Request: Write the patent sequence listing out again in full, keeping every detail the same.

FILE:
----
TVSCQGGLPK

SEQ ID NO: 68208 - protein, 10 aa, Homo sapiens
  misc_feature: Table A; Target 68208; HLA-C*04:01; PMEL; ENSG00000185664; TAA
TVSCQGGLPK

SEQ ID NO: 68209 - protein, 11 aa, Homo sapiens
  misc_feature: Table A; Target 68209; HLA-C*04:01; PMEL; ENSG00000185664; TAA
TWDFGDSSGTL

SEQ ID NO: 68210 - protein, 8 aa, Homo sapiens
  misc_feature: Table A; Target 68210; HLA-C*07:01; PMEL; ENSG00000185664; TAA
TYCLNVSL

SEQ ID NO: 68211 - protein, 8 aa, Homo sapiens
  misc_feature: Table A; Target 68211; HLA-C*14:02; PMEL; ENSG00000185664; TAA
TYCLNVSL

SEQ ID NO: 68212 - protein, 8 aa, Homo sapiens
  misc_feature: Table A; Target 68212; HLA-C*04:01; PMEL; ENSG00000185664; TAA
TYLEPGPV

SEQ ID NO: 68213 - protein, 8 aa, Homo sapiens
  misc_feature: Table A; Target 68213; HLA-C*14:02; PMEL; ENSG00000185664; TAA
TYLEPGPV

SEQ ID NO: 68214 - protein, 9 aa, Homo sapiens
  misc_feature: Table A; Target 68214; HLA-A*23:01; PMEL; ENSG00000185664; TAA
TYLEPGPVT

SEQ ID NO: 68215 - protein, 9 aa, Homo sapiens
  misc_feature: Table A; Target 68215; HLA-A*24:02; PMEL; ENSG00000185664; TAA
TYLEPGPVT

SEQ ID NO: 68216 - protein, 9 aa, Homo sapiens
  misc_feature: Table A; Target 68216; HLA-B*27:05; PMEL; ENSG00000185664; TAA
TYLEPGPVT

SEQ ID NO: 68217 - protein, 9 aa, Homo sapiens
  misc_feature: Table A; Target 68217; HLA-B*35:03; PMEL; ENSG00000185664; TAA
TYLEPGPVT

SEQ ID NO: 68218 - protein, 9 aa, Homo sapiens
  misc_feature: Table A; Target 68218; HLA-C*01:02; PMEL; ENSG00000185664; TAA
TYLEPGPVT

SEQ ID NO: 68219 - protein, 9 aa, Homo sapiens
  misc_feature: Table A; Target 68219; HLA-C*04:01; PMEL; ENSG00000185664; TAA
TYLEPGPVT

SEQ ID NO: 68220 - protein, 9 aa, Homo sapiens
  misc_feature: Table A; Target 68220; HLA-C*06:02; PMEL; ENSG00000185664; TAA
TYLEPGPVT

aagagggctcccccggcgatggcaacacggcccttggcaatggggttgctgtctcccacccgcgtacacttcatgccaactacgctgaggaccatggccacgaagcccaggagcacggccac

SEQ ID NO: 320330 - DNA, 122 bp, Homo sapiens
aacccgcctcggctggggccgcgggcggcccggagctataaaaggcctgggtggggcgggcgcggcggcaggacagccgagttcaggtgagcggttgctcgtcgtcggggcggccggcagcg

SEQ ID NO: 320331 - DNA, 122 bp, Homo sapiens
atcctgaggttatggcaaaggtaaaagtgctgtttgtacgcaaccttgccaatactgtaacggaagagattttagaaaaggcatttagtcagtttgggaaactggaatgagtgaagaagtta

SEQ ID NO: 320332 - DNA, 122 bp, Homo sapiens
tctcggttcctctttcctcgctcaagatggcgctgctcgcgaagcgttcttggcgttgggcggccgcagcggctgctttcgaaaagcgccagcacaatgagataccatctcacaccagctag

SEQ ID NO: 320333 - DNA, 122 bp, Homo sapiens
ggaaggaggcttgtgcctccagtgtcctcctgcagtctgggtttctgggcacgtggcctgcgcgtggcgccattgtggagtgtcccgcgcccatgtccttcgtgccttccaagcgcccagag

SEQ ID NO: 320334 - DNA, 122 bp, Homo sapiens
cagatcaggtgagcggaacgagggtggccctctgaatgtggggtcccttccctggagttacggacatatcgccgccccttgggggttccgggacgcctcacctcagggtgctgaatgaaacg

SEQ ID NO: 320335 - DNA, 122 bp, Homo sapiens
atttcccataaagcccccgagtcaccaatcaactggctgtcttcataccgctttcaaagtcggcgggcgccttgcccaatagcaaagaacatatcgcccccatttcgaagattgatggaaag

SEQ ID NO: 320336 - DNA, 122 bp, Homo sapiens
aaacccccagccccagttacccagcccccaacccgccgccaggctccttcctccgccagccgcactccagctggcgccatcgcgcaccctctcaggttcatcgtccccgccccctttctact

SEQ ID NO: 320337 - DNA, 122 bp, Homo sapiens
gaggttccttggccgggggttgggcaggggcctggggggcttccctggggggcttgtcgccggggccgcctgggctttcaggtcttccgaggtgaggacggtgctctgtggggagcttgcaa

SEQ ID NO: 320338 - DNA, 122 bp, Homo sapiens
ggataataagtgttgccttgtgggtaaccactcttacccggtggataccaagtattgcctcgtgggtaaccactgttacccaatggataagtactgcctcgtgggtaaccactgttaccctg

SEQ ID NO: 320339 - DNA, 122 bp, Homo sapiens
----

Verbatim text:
TVSCQGGLPK

SEQ ID NO: 68208 - protein, 10 aa, Homo sapiens
  misc_feature: Table A; Target 68208; HLA-C*04:01; PMEL; ENSG00000185664; TAA
TVSCQGGLPK

SEQ ID NO: 68209 - protein, 11 aa, Homo sapiens
  misc_feature: Table A; Target 68209; HLA-C*04:01; PMEL; ENSG00000185664; TAA
TWDFGDSSGTL

SEQ ID NO: 68210 - protein, 8 aa, Homo sapiens
  misc_feature: Table A; Target 68210; HLA-C*07:01; PMEL; ENSG00000185664; TAA
TYCLNVSL

SEQ ID NO: 68211 - protein, 8 aa, Homo sapiens
  misc_feature: Table A; Target 68211; HLA-C*14:02; PMEL; ENSG00000185664; TAA
TYCLNVSL

SEQ ID NO: 68212 - protein, 8 aa, Homo sapiens
  misc_feature: Table A; Target 68212; HLA-C*04:01; PMEL; ENSG00000185664; TAA
TYLEPGPV

SEQ ID NO: 68213 - protein, 8 aa, Homo sapiens
  misc_feature: Table A; Target 68213; HLA-C*14:02; PMEL; ENSG00000185664; TAA
TYLEPGPV

SEQ ID NO: 68214 - protein, 9 aa, Homo sapiens
  misc_feature: Table A; Target 68214; HLA-A*23:01; PMEL; ENSG00000185664; TAA
TYLEPGPVT

SEQ ID NO: 68215 - protein, 9 aa, Homo sapiens
  misc_feature: Table A; Target 68215; HLA-A*24:02; PMEL; ENSG00000185664; TAA
TYLEPGPVT

SEQ ID NO: 68216 - protein, 9 aa, Homo sapiens
  misc_feature: Table A; Target 68216; HLA-B*27:05; PMEL; ENSG00000185664; TAA
TYLEPGPVT

SEQ ID NO: 68217 - protein, 9 aa, Homo sapiens
  misc_feature: Table A; Target 68217; HLA-B*35:03; PMEL; ENSG00000185664; TAA
TYLEPGPVT

SEQ ID NO: 68218 - protein, 9 aa, Homo sapiens
  misc_feature: Table A; Target 68218; HLA-C*01:02; PMEL; ENSG00000185664; TAA
TYLEPGPVT

SEQ ID NO: 68219 - protein, 9 aa, Homo sapiens
  misc_feature: Table A; Target 68219; HLA-C*04:01; PMEL; ENSG00000185664; TAA
TYLEPGPVT

SEQ ID NO: 68220 - protein, 9 aa, Homo sapiens
  misc_feature: Table A; Target 68220; HLA-C*06:02; PMEL; ENSG00000185664; TAA
TYLEPGPVT

aagagggctcccccggcgatggcaacacggcccttggcaatggggttgctgtctcccacccgcgtacacttcatgccaactacgctgaggaccatggccacgaagcccaggagcacggccac

SEQ ID NO: 320330 - DNA, 122 bp, Homo sapiens
aacccgcctcggctggggccgcgggcggcccggagctataaaaggcctgggtggggcgggcgcggcggcaggacagccgagttcaggtgagcggttgctcgtcgtcggggcggccggcagcg

SEQ ID NO: 320331 - DNA, 122 bp, Homo sapiens
atcctgaggttatggcaaaggtaaaagtgctgtttgtacgcaaccttgccaatactgtaacggaagagattttagaaaaggcatttagtcagtttgggaaactggaatgagtgaagaagtta

SEQ ID NO: 320332 - DNA, 122 bp, Homo sapiens
tctcggttcctctttcctcgctcaagatggcgctgctcgcgaagcgttcttggcgttgggcggccgcagcggctgctttcgaaaagcgccagcacaatgagataccatctcacaccagctag

SEQ ID NO: 320333 - DNA, 122 bp, Homo sapiens
ggaaggaggcttgtgcctccagtgtcctcctgcagtctgggtttctgggcacgtggcctgcgcgtggcgccattgtggagtgtcccgcgcccatgtccttcgtgccttccaagcgcccagag

SEQ ID NO: 320334 - DNA, 122 bp, Homo sapiens
cagatcaggtgagcggaacgagggtggccctctgaatgtggggtcccttccctggagttacggacatatcgccgccccttgggggttccgggacgcctcacctcagggtgctgaatgaaacg

SEQ ID NO: 320335 - DNA, 122 bp, Homo sapiens
atttcccataaagcccccgagtcaccaatcaactggctgtcttcataccgctttcaaagtcggcgggcgccttgcccaatagcaaagaacatatcgcccccatttcgaagattgatggaaag

SEQ ID NO: 320336 - DNA, 122 bp, Homo sapiens
aaacccccagccccagttacccagcccccaacccgccgccaggctccttcctccgccagccgcactccagctggcgccatcgcgcaccctctcaggttcatcgtccccgccccctttctact

SEQ ID NO: 320337 - DNA, 122 bp, Homo sapiens
gaggttccttggccgggggttgggcaggggcctggggggcttccctggggggcttgtcgccggggccgcctgggctttcaggtcttccgaggtgaggacggtgctctgtggggagcttgcaa

SEQ ID NO: 320338 - DNA, 122 bp, Homo sapiens
ggataataagtgttgccttgtgggtaaccactcttacccggtggataccaagtattgcctcgtgggtaaccactgttacccaatggataagtactgcctcgtgggtaaccactgttaccctg

SEQ ID NO: 320339 - DNA, 122 bp, Homo sapiens